“Regardless of which reusable shopping bags you use, to maximise the environmental benefit it’s very important that you use them over and over again and recycle them at their end-of-life, where possible,” Ms Enoch said.

The plastic bag ban applies to all retailers which supply single-use light weight plastic shopping bags.

Retailers that continue to supply banned bags after 1 July could face a fine of up to $6,300 per offence. A similar fine also applies to any person, such as a supplier, who provides misleading information about banned bags.

WA community want plastic bag ban

Community consultation in WA has found that more 95 per cent of comments on banning plastic bags have been positive.

The ban will affect lightweight plastic bags from 1 July 2018 in order to reduce litter and protect the environment. The ban also includes biodegradable, degradable or compostable – with handles and a thickness of 35 microns or less, often found in supermarkets and retail stores.

More than 4400 people responded by the close of consultation and 90 per cent were also in favour of banning biodegradable, degradable or compostable plastic bags which continue to persist in the environment as microplastics.

The consultation reported a need for a transition period for retailers to prepare customers for alternatives to plastic bags. The Department of Water and Environmental Regulation has announced it will assist retailers in this process.

A WA-wide education campaign will also aim to ensure consumers are encouraged to use reuseable bags.

WA Environment Minister Stephen Dawson said he wants to work with the community to make the transition towards a plastic bag free WA as easy as possible.

These initiatives reflect the community’s desire to work together to reduce the significant impact of plastic bags, and other waste and litter on our environment,” Mr Dawson said.

“Banning plastic bags is just one of a number of strategic waste reform initiatives demonstrating this Government’s commitment to reducing waste. We have also committed to introducing a container deposit scheme,” he said.

McGowan Government gives green light to bag ban

Lightweight, single-use plastic shopping bags will be banned in Western Australia from July 1 next year.

The statewide ban will bring Western Australia into line with South Australia, Tasmania, the Northern Territory and the Australian Capital Territory which already have plastic bag bans in place. Queensland has also vowed to ban the bag from July 1, 2018.

Plastic bags make up a relatively small portion of solid waste and litter but can significantly harm marine wildlife and birds which can inadvertently eat or become entangled in plastic bag waste.

The WA government said its plastic bag ban has garnered widespread support across the local government sector in recent months and among major retailers which are some of the biggest suppliers of plastic shopping bags.

Major supermarkets Coles, Woolworths and IGA have indicated their intention to ban single-use plastic bags while some WA retailers – including Aldi and Bunnings – already support the ban by not offering single-use plastic bags to their customers.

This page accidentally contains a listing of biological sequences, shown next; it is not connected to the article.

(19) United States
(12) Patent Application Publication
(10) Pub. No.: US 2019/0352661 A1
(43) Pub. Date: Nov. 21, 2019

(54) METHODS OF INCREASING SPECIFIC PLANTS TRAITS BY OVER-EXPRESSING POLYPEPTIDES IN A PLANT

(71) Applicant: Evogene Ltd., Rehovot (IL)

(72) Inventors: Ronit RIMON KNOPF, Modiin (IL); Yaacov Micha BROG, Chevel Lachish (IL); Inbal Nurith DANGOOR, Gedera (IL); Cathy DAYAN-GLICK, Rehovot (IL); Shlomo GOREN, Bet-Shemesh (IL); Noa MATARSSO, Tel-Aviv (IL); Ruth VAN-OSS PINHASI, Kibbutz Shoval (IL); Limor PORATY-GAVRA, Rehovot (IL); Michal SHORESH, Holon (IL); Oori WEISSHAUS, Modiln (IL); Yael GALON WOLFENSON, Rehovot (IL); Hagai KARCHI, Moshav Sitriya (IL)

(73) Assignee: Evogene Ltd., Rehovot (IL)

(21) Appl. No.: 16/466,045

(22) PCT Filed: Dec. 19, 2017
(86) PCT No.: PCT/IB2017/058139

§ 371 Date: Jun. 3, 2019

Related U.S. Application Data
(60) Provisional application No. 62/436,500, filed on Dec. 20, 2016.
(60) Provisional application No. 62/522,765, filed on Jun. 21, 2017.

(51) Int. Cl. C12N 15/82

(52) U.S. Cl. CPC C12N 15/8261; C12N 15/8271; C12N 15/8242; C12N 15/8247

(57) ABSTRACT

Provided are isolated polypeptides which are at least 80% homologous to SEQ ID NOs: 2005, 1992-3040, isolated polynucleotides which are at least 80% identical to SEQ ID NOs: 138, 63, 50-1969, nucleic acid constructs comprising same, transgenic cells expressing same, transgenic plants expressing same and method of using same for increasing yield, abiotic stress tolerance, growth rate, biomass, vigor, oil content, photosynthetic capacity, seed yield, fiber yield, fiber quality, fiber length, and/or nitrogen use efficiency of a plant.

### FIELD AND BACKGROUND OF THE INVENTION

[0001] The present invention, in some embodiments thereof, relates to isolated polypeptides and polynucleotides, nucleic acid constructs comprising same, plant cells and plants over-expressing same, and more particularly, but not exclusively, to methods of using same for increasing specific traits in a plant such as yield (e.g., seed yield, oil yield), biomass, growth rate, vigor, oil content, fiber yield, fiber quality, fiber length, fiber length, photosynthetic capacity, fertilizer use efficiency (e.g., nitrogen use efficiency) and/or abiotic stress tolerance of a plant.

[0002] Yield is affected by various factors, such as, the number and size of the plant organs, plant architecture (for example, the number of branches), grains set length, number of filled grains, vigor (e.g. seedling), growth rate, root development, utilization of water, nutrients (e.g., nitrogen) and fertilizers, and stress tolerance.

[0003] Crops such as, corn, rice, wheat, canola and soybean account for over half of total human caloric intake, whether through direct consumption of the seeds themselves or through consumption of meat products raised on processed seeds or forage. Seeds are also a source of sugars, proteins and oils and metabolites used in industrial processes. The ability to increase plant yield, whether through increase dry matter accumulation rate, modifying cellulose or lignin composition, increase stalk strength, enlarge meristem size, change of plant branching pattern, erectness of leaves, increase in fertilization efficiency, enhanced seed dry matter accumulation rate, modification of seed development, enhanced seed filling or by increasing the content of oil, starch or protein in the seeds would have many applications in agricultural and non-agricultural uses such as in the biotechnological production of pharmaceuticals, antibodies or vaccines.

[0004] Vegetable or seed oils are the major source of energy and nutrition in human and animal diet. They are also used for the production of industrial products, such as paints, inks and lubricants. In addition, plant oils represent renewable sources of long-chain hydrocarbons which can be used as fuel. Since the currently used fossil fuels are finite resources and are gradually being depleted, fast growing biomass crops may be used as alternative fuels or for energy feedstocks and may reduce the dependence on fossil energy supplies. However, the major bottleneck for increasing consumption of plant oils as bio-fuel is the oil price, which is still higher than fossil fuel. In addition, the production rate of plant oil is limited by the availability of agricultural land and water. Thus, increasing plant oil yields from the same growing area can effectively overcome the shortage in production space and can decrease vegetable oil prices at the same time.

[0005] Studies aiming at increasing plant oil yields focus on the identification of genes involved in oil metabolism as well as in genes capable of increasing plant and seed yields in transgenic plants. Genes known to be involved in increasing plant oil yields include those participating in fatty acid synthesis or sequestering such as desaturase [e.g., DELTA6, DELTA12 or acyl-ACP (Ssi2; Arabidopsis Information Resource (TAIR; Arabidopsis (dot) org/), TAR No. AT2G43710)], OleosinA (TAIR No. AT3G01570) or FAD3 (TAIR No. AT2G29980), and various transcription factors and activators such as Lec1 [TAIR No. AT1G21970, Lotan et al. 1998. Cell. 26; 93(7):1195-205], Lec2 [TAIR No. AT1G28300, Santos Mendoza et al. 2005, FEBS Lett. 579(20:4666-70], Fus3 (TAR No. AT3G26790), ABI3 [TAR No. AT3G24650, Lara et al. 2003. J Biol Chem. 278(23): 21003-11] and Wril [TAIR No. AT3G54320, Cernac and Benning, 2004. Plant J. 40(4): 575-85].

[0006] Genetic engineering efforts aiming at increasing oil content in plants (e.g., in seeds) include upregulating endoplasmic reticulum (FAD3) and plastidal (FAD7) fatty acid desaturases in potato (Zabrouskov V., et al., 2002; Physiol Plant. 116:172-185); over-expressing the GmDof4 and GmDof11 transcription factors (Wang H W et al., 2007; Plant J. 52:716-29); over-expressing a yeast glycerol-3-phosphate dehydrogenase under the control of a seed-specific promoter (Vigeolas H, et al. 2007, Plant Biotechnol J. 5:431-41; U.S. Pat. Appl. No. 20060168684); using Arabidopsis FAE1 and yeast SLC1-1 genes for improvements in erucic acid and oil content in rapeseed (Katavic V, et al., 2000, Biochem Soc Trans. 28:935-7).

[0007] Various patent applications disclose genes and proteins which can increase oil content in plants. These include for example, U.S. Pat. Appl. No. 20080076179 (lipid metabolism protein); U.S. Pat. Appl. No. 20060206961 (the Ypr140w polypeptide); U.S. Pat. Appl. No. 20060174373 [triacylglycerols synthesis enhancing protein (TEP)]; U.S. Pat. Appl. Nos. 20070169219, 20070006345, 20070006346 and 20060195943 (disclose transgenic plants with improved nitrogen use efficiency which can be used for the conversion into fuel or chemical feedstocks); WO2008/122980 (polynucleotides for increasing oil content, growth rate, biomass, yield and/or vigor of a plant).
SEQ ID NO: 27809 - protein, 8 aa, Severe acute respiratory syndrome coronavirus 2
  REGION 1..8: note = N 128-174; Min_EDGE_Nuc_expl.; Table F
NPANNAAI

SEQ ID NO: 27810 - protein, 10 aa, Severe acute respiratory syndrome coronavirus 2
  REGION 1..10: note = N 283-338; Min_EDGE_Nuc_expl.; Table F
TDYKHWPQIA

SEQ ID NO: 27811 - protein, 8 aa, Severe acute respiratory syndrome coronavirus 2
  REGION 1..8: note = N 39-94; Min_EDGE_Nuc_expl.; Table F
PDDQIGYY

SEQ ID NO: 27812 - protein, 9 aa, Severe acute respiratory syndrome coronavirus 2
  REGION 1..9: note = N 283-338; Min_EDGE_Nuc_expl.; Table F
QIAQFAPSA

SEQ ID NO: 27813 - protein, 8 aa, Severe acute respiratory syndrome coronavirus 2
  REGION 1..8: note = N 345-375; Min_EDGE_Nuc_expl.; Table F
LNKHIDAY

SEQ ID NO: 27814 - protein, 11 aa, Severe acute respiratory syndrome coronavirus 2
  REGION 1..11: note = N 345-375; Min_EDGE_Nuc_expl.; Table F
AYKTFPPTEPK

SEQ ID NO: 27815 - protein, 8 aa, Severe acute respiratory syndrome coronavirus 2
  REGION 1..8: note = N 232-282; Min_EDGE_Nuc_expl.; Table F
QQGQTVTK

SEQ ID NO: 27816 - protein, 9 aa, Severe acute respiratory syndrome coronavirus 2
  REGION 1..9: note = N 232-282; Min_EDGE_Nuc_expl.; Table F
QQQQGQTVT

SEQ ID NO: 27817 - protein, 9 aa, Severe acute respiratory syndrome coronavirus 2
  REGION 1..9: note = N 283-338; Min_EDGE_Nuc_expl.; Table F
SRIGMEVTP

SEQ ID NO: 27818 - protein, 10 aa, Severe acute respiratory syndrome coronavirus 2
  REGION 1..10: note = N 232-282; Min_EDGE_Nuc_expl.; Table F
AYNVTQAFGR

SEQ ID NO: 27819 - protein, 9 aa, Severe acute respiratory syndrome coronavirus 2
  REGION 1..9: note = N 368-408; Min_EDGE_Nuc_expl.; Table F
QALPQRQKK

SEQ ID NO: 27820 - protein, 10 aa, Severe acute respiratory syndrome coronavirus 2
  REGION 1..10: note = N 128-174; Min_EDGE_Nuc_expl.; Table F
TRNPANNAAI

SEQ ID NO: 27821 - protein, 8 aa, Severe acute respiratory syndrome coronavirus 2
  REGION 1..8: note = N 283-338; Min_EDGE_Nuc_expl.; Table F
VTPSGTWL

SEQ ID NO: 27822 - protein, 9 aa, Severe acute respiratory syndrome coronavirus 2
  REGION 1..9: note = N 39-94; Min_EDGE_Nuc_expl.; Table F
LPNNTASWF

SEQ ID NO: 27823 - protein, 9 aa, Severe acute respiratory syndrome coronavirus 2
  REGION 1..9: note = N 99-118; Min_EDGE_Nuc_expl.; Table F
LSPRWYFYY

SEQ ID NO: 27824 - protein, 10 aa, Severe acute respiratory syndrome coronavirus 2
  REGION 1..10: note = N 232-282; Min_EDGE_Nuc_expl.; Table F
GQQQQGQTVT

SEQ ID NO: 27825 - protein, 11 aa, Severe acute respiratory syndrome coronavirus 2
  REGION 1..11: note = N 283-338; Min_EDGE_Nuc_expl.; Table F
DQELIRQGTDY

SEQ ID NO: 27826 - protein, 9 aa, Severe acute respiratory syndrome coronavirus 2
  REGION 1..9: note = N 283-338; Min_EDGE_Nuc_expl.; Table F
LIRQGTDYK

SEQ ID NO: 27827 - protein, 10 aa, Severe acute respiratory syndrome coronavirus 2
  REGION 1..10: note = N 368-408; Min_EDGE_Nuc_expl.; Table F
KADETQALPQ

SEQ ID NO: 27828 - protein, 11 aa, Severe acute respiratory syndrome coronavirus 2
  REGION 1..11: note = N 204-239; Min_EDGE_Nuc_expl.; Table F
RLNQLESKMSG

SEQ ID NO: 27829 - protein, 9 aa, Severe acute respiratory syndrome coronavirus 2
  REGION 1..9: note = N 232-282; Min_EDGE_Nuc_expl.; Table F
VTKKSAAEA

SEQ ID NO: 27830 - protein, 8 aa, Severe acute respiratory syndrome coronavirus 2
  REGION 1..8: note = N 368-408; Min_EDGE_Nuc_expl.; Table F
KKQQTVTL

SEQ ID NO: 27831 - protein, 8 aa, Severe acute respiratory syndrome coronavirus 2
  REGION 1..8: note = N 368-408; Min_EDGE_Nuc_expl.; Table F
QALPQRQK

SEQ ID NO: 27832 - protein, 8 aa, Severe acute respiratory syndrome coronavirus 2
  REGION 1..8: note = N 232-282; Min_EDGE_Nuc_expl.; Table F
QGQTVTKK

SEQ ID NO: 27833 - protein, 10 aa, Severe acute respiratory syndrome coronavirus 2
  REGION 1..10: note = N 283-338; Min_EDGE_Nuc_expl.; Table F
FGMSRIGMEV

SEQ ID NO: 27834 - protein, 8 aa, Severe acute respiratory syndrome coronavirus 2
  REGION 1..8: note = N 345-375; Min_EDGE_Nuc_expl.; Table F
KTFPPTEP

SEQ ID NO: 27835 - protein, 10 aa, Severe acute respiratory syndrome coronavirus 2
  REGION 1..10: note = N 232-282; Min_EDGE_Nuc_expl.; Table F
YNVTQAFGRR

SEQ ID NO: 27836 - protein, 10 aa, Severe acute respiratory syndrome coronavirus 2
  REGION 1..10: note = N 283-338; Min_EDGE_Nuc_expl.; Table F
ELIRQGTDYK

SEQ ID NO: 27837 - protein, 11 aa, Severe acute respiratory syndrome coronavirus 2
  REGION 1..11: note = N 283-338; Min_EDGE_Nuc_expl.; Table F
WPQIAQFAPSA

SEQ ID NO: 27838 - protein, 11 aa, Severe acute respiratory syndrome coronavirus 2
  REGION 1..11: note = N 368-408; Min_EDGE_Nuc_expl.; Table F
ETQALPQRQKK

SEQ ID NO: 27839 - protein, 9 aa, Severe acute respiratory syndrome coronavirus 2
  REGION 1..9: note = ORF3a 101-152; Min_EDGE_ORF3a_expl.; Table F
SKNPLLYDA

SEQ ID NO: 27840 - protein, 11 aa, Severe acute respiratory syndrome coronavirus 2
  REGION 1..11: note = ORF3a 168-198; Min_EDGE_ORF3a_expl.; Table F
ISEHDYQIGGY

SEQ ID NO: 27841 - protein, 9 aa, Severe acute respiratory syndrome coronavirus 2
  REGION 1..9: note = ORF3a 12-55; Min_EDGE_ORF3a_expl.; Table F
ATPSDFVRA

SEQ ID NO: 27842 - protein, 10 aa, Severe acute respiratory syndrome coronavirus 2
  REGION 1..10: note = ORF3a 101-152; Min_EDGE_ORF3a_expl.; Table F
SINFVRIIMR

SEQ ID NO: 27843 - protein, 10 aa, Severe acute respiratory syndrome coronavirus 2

“The community and the retail industry have already been working to reduce the consumption of single-use plastic bags for more than a decade,” WA Premier Mark McGowan said.

“The number of plastic bags used every year continues to grow and therefore it’s time for the State Government to act, in the absence of a national approach.

“There are alternatives to single-use plastics and we need to move beyond single-use items and promote sustainable futures for our children.”

“We will continue our efforts to reduce the amount of waste generated, prevent littering, increase material recovered from the waste stream, and reduce waste destined for landfill,” said Environment Minister Stephen Dawson.

The Project pairs with Clean Up Australia to ban the bag

Plastic bags for recycling

Channel Ten’s The Project is leading a campaign with Clean Up Australia to ban plastic bags in New South Wales, Victoria and Western Australia.

On Wednesday night’s show, written by host Waleed Aly and The Project‘s managing editor Tom Whitty, state premiers were urged to have the courage to ban the bags to save the environment.

Aly challenged NSW Premier Gladys Berejiklian, Victorian Premier Daniel Andrews, and WA Premier Mark McGowan to step up.

“A Senate Inquiry into marine plastic pollution from last year recommended the federal government support the states to ban plastic bags,” Aly said.

“Unless we give them a push, nothing will change, and you and I will keep using plastic bags. But we can change this. You can change this. So now’s the time to be heard.”

Clean Up Australia has endorsed the push.

If the states agree, it would result in a nationwide ban on single-use plastic bags, with South Australia, Tasmania, Northern Territory and the ACT having already banned them, while Queensland plans to ban them from next year.

Viewers were urged to sign a Change.org petition to show their support for a ban, as well as writing to each state premier. The petition received almost 6000 signatures in half an hour.

Aly said each plastic bag is used for 12 minutes on average – then up to 6 billion each year are thrown into landfill across Australia, taking hundreds of years to break down.

Terrie-Ann Johnson, managing director of Clean Up Australia, said people don’t really think about the environmental impact of plastic bags.

“It’s really frustrating because these things are having an enormous impact on the environment. They’re killing our precious wildlife. We don’t need plastic bags,” she told The Project.

“Let’s put aside landfill for a minute and think about the 80 million plastic bags that end up in our litter stream. Think about the poor animal in the marine environment that chokes or it starves because it’s got a gutful of non-nutritious material. It’s a horrible, horrible death.

“Internationally, Australia is really lagging behind the rest of the world.”

Federal environment minister Josh Frydenberg told The Project he supported all states introducing a ban, while supermarket giants Coles and Woolworths said they would comply with such a ban.